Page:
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Termite Control Products


MiamiCuse's Avatar
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04-20-17, 06:25 PM   #1 (permalink)  
Termite Control Products

Location is South Florida, warm and wet perfect for termites.

Had a underground drain leak...the kitchen drain is under the concrete slab, and the wood studed wall was severly damaged by subterrainean termites. Opened up the slab, and found the buried cast iron pipe (original construction 1955) corroded so badly the bottom basically disintegrated. I found sub termites in the soil, obviously very happy with the leaking drain and found the way up to the walls and beyond.

Now that the repipe is done and before I backfill and pour concrete I wanted to treat the soil through with a termiticide.

Looking at two products - Termidor SC, Taurus SC or Dominion SL seems to be sold in many DIY pest control stores. There is a big difference in prices. Any recommendation as to which one to go with? These are the active ingredients and their respective prices.

Diminion 2L - 27.5oz bottle $21 active ingredient Imidacloprid
Taurus SC - 20oz bottle $43 active ingredient Fipronil
Termidor SC - 20oz bottle $69 active ingredient Fipronil

Big price difference. Any thoughts? Are the more expensive products more effective and worth the additional cost?

Second question - I purchased a 20z bottle of a product for ant control five years ago called "Phantom". I have used it twice and the bottle is still 2/3 full. So when I needed to do the termite treatment I took out the bottom of Phantom because I remember it is also a termiticide. It's active ingredient is Chlorfenapyr. However I noticed the product is now "settled" into two layers - one layer of brown fluid on top and a layer of milky white fluid at the bottom. I called the company up and they said their products has a shelf life of 3-5 years the most so my product has expired. Now if it has expired what is the best way to dispose of this? This is concentrated stuff that you mix 1 gallon per 0.75oz and I have almost 15oz of it left. If it has expired and it's ineffective should I just dump all of it into the trench where the pipe is, then order new product to do the proper treatment over that?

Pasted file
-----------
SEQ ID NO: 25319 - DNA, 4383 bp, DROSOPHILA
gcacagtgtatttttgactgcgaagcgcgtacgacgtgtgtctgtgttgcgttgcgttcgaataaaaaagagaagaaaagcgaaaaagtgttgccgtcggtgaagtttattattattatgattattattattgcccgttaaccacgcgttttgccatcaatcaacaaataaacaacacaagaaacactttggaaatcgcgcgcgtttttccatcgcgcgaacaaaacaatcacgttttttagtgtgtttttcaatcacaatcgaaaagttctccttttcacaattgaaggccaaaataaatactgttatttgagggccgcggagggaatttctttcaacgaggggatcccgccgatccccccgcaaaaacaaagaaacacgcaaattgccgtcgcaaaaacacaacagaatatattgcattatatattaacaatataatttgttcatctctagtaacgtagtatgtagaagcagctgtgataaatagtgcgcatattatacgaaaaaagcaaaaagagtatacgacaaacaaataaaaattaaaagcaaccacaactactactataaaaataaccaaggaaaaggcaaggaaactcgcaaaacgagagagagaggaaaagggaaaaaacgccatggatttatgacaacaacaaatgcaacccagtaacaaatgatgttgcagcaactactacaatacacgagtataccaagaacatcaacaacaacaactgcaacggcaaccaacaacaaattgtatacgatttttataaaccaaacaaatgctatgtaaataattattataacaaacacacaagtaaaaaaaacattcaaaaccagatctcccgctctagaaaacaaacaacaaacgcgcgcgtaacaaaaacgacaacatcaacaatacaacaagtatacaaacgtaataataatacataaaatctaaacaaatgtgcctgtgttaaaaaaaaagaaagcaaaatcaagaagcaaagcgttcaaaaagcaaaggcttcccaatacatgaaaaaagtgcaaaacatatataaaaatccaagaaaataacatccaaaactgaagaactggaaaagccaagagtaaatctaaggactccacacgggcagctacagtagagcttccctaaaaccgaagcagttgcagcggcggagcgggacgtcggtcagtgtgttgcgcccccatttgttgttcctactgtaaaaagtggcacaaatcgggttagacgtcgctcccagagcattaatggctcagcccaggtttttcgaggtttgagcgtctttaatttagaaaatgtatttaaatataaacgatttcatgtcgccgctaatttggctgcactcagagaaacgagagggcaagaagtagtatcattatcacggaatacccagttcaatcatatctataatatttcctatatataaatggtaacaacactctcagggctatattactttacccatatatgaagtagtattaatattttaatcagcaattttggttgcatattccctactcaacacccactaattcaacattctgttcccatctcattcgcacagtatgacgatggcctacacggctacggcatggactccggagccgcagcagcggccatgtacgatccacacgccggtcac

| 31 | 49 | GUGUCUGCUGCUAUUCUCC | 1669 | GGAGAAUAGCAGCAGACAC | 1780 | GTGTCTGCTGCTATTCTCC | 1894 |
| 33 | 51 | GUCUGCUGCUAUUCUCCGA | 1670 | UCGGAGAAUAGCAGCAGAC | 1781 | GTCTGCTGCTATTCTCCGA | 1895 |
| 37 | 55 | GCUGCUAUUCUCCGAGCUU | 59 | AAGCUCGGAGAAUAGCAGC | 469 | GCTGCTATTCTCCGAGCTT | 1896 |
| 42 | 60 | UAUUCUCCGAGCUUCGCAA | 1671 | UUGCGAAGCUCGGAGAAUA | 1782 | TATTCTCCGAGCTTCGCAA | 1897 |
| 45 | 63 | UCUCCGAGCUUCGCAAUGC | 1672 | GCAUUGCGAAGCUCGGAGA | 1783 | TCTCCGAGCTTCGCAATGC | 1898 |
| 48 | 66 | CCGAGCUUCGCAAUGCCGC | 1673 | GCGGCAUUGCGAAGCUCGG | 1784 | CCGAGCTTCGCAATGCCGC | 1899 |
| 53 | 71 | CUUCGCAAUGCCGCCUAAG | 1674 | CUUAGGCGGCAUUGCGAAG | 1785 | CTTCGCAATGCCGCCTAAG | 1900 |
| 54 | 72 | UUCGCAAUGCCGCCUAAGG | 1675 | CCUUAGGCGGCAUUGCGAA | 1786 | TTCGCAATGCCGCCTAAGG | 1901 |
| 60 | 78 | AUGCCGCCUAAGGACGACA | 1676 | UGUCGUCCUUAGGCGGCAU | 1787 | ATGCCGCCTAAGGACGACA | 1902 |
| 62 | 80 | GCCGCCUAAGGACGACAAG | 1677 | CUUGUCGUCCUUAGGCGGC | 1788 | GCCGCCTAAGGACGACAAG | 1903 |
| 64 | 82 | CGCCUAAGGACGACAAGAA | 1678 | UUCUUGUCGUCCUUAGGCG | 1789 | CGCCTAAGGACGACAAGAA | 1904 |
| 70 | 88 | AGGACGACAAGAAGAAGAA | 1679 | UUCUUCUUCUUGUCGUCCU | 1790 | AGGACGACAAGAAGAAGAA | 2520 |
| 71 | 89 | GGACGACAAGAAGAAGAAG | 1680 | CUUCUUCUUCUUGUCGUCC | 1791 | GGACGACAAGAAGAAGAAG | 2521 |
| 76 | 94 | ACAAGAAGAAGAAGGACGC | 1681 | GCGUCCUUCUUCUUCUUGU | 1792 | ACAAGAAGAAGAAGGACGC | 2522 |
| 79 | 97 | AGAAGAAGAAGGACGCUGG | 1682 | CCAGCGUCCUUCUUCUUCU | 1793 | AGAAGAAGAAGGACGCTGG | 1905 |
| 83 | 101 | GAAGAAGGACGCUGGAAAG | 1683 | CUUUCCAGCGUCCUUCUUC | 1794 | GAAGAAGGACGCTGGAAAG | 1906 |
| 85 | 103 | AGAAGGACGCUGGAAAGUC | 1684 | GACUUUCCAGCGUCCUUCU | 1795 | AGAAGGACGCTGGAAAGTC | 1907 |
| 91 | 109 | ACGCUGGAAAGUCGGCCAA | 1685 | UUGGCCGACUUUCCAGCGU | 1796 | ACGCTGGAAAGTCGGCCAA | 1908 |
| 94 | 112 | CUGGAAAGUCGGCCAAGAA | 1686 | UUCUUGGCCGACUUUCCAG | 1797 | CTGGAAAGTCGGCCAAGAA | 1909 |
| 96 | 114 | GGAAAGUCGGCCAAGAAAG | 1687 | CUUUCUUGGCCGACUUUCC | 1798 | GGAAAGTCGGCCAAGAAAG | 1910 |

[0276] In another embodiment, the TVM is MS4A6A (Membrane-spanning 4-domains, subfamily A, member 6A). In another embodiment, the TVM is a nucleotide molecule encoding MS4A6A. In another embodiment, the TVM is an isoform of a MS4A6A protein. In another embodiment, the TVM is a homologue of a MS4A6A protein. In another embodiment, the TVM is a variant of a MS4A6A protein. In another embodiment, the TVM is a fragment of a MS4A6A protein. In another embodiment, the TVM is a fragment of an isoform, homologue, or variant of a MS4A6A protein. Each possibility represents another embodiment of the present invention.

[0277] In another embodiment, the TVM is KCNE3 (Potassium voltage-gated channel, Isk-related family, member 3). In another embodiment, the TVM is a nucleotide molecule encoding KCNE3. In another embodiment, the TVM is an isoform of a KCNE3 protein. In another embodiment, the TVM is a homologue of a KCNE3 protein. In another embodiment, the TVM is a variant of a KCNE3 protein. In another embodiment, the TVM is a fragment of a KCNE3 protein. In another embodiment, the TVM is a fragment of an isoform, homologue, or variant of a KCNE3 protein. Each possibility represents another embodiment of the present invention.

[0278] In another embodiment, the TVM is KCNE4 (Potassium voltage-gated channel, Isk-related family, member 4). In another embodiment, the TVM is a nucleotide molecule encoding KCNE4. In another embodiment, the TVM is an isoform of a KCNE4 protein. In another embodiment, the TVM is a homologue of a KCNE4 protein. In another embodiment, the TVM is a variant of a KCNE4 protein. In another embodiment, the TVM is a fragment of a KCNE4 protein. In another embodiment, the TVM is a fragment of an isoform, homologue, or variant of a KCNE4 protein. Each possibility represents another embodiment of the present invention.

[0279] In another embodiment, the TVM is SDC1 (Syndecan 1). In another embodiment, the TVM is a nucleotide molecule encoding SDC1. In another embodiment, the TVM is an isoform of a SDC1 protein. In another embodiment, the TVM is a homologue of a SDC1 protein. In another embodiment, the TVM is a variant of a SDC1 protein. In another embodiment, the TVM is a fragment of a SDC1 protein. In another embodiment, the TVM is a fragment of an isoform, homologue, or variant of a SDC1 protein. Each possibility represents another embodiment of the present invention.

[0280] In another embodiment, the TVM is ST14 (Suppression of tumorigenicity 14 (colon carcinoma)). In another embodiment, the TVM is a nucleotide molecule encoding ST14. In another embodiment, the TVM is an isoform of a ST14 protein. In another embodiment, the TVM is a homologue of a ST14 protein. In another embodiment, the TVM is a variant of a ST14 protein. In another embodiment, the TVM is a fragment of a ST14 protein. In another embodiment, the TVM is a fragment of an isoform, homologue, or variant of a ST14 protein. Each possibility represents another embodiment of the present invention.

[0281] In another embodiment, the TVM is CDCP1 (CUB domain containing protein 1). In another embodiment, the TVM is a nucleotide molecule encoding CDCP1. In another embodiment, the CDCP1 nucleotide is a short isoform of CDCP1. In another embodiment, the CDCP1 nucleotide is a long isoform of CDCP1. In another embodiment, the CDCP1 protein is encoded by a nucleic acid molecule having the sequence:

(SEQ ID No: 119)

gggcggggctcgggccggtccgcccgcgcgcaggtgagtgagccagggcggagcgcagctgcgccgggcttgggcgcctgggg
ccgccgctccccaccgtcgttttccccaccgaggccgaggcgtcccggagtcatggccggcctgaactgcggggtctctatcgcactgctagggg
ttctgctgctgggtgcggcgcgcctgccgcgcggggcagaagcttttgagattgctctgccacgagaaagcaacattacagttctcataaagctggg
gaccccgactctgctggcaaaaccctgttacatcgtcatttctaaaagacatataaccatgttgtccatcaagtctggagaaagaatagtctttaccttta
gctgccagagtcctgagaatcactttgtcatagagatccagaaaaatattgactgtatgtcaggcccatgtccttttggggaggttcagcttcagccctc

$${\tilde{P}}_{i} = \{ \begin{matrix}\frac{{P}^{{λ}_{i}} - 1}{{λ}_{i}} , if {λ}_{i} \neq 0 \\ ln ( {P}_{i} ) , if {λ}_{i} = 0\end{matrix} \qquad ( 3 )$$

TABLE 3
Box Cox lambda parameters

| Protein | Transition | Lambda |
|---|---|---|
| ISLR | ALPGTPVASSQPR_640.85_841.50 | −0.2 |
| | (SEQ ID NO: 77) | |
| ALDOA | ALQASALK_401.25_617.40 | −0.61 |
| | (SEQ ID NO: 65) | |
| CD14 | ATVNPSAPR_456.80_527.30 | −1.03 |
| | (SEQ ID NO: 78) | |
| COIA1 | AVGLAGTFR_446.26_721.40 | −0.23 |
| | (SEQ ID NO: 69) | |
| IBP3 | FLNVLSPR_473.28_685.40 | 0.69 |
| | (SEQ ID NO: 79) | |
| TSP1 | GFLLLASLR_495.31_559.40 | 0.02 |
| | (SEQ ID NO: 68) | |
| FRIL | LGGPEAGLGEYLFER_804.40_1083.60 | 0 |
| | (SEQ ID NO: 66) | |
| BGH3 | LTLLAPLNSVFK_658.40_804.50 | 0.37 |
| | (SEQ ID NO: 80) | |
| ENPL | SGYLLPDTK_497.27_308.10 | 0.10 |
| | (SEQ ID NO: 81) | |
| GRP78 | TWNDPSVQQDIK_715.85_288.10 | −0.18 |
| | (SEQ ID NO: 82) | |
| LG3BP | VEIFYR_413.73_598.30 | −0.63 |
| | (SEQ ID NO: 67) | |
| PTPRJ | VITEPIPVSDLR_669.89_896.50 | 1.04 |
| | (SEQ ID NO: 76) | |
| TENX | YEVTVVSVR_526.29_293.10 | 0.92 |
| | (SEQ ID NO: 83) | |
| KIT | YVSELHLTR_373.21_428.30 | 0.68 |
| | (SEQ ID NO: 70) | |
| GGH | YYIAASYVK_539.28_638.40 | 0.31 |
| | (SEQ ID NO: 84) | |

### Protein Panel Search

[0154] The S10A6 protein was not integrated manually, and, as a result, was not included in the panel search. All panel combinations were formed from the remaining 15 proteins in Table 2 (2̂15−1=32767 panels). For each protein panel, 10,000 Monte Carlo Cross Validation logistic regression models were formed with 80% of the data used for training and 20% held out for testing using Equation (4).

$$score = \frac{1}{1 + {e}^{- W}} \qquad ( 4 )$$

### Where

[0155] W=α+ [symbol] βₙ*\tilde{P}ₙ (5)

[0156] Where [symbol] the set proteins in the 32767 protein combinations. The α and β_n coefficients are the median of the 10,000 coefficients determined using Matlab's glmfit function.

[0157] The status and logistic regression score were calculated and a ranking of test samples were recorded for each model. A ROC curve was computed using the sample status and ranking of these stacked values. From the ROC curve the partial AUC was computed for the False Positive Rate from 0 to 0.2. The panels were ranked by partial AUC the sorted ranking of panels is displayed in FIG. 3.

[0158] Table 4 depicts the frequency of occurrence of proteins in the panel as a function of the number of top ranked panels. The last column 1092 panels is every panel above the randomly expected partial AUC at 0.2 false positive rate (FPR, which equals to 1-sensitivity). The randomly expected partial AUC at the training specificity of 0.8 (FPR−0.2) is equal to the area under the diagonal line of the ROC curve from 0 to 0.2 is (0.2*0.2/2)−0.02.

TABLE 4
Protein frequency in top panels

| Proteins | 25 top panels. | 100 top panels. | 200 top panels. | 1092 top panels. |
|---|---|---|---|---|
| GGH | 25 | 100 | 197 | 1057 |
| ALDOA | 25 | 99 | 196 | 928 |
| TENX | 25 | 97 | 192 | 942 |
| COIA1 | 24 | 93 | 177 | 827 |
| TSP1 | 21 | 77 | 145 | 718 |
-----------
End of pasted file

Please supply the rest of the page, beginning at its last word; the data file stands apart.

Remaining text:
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joecaption's Avatar
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04-21-17, 06:26 AM   #2 (permalink)  
You already know you you have active termites and you want to just do a spot DIY treatment!
If you want this done right and not have to go through this again hire a real exterminator.
The whole building needs to be treated not just one spot.

 
MiamiCuse's Avatar
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04-21-17, 08:06 AM   #3 (permalink)  
Incorrect speculation.

I already have a termite inspection. I have active drywood termites on exterior fascia that would require the entire building to be tented.

I have ONE interior sub termite infestation due to a leaking drain. The kitchen cabinets were removed, concrete slab cut up, pipe replaced, and pending soil backfill. Termite company will come after tenting to perimeter treat the foundation. The one two punch will get rid of both sub and drywood termites when its done. I am not doing it right now until the reroof is completed and all new lumber are installed, meanwhile I want to do a spot treatment into the trench before I backfill, install vapor barrier, install rebar, pour concrete, and rebuild the wall etc.

So yes, I am seeking advice on spot treatment in this particular context and situation.

 
PAbugman's Avatar
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04-22-17, 07:00 AM   #4 (permalink)